The White Shoe Irregular:
It was fun while it lasted.

More Very Short Stories

The White Shoe Staff

[Redactor's Note: Today is day two of "Very Short Story Week." Hence, we proudly bring you four more of the best stories we received. If you are not familiar with this contest, or if you missed the winners, please go here.]

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Poetic Justice

"Did you walk the dog?" She set down grocery bags, scowling at a chip in her perfect nails.

"Working on this contest entry, dear."

"And if Smidget pees on the carpet?" She slammed the refrigerator door. I winced at the shrill.

"But they're giving away books, dearest!"

"I do everything around here, and you're working on some stupid contest entry?" She kicked the closest ceiling-high stack of books.

Stack fell into stack, domino style. Books showered down with heavy thuds, covering my dearest and Smidget.


Now, where was I?

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Another rat is in the trap on our kitchen counter. It tries to get out. I try to watch it from my place on the beer stained living room couch with my sisters asleep on my arms. Mom is at work and I'm in charge, and I won't let them sleep alone in their room when there are ants in their mattress and rats in our kitchen.

The metal on that rat's neck is as heavy as the sisters on my arms. Both of us still try to get out.

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Pay Phone

I chew my sandwich. I see him come inside, coat dripping. He slogs across the floor to a phone.

He drops a quarter, punches numbers. "It's Daddy," he says.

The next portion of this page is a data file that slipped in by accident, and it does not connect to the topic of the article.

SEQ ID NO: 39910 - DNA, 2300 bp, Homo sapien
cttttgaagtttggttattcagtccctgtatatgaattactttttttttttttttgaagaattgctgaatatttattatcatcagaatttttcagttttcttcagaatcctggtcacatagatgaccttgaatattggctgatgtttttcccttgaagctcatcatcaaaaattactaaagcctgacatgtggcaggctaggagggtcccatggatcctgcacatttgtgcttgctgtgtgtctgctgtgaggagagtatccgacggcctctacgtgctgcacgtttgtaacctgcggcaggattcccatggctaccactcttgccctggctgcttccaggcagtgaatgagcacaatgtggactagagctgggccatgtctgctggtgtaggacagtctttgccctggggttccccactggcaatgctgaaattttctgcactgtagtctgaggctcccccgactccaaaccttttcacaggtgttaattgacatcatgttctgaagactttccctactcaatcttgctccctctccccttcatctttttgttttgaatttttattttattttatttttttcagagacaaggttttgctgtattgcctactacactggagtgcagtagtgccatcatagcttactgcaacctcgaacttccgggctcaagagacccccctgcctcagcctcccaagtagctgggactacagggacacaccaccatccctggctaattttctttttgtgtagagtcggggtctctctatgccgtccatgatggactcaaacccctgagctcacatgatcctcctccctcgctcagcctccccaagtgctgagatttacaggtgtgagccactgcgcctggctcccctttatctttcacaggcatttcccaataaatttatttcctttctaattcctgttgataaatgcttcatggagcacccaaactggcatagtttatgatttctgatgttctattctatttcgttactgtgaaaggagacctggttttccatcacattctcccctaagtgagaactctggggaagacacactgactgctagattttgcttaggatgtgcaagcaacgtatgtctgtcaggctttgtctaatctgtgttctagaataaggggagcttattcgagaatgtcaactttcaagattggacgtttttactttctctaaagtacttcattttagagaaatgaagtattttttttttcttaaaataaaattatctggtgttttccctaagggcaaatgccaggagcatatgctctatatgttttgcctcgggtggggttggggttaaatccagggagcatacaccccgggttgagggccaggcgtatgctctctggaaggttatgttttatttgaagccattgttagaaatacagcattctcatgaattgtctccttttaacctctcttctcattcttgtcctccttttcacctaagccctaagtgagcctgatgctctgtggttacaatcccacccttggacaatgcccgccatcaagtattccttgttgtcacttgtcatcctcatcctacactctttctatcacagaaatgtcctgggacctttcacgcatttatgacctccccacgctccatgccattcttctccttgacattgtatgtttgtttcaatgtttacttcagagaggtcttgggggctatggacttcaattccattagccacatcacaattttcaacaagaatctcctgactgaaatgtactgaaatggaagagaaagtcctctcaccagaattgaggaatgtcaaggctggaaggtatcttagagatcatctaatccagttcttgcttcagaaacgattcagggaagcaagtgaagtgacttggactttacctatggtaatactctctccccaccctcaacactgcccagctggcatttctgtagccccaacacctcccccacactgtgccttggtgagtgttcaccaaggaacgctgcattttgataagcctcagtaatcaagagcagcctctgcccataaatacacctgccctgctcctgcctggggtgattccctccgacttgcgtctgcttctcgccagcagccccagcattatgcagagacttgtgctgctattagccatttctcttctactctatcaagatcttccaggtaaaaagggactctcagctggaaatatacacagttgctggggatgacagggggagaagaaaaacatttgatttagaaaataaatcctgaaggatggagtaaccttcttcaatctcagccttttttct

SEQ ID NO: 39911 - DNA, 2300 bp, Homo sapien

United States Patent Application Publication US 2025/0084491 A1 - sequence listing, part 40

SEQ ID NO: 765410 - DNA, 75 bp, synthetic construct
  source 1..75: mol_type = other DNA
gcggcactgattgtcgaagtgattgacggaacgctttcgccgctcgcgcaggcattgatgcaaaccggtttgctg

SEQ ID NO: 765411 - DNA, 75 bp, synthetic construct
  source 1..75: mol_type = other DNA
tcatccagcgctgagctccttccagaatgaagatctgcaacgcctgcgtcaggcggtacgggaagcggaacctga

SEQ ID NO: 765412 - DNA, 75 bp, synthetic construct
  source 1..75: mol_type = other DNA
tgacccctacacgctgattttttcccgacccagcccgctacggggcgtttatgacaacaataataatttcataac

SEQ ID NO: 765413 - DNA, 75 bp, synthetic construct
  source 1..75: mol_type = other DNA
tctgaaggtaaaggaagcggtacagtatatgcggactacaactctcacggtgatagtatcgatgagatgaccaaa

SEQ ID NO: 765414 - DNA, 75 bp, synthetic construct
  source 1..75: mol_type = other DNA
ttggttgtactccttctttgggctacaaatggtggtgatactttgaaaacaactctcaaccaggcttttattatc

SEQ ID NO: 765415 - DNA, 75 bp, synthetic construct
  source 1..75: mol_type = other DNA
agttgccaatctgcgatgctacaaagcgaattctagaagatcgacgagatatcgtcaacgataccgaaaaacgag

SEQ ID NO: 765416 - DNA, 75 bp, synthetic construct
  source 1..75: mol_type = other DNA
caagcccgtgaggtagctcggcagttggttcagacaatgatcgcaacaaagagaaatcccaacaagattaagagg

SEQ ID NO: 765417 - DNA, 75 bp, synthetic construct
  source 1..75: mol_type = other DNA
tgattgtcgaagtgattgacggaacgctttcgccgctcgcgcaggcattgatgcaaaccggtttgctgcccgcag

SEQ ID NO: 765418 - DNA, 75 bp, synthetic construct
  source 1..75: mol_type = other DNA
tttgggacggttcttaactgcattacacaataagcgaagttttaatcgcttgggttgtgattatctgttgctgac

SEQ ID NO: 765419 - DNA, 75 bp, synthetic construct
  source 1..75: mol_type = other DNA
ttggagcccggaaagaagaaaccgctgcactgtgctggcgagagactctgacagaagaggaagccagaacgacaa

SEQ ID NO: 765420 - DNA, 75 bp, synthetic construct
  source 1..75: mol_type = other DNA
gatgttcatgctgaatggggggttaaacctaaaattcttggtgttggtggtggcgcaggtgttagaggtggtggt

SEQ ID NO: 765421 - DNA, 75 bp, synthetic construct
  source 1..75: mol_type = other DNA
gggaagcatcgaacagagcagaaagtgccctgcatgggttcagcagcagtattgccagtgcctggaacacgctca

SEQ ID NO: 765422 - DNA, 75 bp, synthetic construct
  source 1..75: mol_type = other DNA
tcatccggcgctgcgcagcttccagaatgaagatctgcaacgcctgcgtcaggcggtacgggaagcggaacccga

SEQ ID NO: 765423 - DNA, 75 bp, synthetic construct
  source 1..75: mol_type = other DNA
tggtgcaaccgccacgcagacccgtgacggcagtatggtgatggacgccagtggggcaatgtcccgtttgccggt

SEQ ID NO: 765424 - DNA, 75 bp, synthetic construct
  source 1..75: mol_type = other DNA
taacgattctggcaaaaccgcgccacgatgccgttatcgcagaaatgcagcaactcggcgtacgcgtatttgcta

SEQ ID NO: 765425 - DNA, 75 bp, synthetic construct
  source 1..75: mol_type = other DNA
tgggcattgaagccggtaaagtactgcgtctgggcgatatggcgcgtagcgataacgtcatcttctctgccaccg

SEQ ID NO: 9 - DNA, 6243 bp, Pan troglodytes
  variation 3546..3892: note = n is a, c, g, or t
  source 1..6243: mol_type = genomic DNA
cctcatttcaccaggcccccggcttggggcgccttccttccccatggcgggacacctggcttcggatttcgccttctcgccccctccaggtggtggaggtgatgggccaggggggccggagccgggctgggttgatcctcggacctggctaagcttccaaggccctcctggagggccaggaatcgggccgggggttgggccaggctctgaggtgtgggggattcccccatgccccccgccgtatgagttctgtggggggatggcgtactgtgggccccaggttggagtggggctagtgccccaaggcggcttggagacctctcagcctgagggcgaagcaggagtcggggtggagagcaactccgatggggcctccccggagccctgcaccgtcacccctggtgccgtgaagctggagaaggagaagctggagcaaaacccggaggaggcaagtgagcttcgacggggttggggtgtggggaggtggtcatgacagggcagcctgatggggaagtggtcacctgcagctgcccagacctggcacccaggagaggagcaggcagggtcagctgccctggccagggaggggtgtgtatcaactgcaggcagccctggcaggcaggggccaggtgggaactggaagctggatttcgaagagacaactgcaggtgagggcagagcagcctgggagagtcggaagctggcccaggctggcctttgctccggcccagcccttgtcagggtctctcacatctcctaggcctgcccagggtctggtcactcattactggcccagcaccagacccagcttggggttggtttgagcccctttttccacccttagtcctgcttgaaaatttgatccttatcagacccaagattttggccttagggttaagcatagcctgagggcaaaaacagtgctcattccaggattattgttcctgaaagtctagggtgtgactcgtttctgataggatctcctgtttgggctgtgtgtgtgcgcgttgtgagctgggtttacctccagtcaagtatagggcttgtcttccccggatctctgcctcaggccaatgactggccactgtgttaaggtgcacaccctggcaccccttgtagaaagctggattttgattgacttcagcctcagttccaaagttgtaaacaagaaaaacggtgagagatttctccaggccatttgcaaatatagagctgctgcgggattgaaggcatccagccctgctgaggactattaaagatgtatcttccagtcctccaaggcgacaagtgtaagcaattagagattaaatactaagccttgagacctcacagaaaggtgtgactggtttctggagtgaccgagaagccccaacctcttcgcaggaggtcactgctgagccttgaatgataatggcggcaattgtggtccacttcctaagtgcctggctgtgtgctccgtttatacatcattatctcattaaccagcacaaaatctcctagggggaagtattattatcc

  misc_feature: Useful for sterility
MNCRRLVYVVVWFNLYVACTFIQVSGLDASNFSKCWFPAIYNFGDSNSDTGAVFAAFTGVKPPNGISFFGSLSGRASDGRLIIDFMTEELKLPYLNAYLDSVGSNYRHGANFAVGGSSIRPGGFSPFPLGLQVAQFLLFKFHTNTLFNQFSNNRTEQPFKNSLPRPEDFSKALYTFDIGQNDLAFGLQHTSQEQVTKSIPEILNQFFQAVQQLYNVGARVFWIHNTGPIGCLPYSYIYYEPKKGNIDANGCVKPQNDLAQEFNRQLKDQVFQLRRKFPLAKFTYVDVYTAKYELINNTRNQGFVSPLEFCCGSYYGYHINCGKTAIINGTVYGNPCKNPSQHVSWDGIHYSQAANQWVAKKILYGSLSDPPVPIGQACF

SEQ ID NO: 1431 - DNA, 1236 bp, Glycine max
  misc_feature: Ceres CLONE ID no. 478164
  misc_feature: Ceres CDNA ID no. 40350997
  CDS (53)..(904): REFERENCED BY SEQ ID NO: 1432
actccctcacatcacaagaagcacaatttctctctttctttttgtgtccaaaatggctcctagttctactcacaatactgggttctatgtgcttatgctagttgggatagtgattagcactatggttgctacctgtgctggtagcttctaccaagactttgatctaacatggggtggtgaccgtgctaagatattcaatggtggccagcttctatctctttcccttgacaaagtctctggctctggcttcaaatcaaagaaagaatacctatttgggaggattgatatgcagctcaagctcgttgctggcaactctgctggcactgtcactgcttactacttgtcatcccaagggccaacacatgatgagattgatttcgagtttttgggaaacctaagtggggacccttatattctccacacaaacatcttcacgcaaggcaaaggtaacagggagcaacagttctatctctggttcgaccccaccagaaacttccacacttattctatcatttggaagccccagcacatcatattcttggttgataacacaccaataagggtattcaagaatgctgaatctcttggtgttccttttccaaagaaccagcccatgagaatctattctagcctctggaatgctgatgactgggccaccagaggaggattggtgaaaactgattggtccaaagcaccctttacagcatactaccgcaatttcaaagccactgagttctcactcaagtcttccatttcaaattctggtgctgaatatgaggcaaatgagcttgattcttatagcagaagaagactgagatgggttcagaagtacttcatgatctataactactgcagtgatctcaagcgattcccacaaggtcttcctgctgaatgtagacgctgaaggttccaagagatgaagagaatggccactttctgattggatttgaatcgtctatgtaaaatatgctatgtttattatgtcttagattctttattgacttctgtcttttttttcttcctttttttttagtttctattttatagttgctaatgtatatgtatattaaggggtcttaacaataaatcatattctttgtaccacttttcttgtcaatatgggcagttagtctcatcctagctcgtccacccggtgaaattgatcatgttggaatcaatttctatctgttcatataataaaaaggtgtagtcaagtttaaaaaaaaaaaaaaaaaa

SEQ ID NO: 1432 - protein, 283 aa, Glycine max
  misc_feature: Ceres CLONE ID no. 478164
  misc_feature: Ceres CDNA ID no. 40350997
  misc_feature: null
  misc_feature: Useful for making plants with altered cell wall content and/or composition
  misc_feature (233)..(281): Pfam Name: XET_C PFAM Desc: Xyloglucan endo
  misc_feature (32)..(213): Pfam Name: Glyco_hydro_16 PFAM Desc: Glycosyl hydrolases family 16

I chew, listening.

"Your brother there? Sleeping. How long? Wake him? Doesn't want me to talk? Tell Mommy this is Daddy's weekend. Baby, put Mommy on."

A pause.

"No, I need to talk. Yes, Mommy needs to talk to Daddy."

His body sags.

He says, "Hello?"

Head bent, he hangs up, then pulls his collar close and steps into the rain.

I return to my sandwich.

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Untitillating Trauma

Sitting here in this oppressive room, staring at the ugly lavender-flowered wallpaper and wearing an absurd flowing garment with three armholes, I try to avoid looking at the portentous beast which cowers in the corner.

A pair of Keds approaches, poses me properly facing the aforementioned beast which grips first one breast, then the other while emitting whirring groans of pleasure.

The Keds shuffle from the room. I am free to dress and leave. As I depart the lavender room, a facetious button is pinned to my sweater that reads: "I Keep Abreast with a Yearly Mammogram."

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Read the third installment of Very Short Story Week here.